Cast: Rajinikanth, Huma Qureshi, Nana Patekar, Easwari Rao, Samuthirakani, Sampath Raj, Sayaji Shinde, Pankaj Tripathi and Anjali Patil
Director: Pa Ranjith
Music: Santosh Narayanan
Editor: Sreekar Prasad
Cinematography: Murali G
Run-time: 2 Hours and 46 minutes
Dharavi is a slum area located in the city centre of Mumbai which is under the hold of Karikaalan aka Kaala (Rajinikanth). Hari Dada (Nana Patekar), a powerful local politician, wants to encroach Dharavi in the name of “Pure Mumbai” slogan. Will Hari Dada succeed in grabbing Dharavi or will Kaala resist Hari Dada’s influence forms the plot.
Being the immediate second combination of director Pa Ranjith and superstar Rajinikanth, ‘Kaala’ carried a strong buzz in all the languages.
This is not a new plot which is about the battle of rich and poor while the only thing appears to be fresh is the backdrop of the slum region, Dharavi. However, this is not all like the regular gangster based films. The director keeps the things simple, with no major twists and turns in the plot. What’s most interesting is, there are no controversial dialogues nor it was targeted at any individual. There are no elevation episodes of Rajinikanth as well which is quite surprising (may be because he looks old in the film). Fans will enjoy the rain fight.
The first half introduces the audience to the basic plot and we can guess what happens in the second half. The tone changes a bit in the latter part with confrontation scenes of Rajini and Nana are major highlight. The pre-climax is quite lengthy and takes it own sweet time to enter the climax.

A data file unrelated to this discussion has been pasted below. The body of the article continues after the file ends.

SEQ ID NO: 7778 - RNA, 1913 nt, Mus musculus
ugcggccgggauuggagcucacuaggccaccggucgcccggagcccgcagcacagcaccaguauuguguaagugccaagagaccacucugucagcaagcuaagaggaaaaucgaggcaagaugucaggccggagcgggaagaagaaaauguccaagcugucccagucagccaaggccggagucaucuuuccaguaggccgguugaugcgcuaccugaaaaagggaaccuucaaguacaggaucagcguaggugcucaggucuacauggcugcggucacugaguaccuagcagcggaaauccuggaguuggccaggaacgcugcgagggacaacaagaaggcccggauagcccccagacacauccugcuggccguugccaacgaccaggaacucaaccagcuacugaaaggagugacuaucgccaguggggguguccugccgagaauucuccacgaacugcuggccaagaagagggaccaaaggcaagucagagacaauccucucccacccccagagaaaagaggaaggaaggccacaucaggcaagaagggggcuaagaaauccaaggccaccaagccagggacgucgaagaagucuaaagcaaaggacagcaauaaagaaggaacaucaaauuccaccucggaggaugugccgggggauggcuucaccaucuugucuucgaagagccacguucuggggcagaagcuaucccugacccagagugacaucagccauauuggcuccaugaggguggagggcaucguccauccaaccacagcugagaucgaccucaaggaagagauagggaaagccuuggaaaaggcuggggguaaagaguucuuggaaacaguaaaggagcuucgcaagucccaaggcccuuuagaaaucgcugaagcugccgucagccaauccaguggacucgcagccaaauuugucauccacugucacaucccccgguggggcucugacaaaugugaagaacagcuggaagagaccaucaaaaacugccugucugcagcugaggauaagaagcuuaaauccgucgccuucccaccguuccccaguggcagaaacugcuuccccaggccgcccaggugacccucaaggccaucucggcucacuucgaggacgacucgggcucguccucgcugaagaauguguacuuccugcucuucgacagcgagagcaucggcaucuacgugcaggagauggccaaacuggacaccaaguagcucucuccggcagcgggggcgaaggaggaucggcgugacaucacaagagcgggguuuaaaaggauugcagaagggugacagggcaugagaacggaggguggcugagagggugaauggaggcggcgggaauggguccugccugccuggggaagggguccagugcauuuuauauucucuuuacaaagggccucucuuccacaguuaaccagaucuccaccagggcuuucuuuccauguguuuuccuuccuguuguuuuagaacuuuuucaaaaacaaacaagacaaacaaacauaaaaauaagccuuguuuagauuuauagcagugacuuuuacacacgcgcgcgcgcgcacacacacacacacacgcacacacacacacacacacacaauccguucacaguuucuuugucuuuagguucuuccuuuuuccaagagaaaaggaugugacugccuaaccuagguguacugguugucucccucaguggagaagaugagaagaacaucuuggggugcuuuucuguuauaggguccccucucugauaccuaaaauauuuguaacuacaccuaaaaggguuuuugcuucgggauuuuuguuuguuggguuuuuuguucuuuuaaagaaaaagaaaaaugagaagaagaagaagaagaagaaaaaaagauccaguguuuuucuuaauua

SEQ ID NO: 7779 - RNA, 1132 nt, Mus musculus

Rajinikanth is at his usual best. Most of the time he is seen in black shirt and lungi in the film. Nana Patekar steals the show with powerful yet subtle performance. However, he appears just before the end of the first half. Seeing two stalwarts of cinema, completing with each other is a delight to watch.
Easwari Rao plays the role of Kaala’s wife and provides us enough laughs in the first half while Huma Qureshi plays a social activist who lands in Dharavi from Africa to develop the slum. She is also Kaala’s ex in the movie. The restaurant episode of Rajini and Huma is boring and should have been chopped off.
Samuthirakani is seen as the most trusted man of Kaala and entertains us very little with his drunkard antics. The rest of the cast are okay in their roles.
Background music is one of the biggest asset for the film. Santosh Narayanan did a terrific job but the songs are disappointing as not even a single track is catchy. The title and pre-climax songs are good. The film definitely needs trimming and a better screenplay would have made a lot of difference.
Dialogues by Sreeramakrishna are decent and non-controversial. No punch dialogues or one-liners. Just plain and straight to the point. Cinematography by Murali is commendable. He should be appreciated for showing Rajini just like how appears to the outside world. The production values are good.
Bottom-line: Beleaguered to take Rajini’s political ambitions ahead!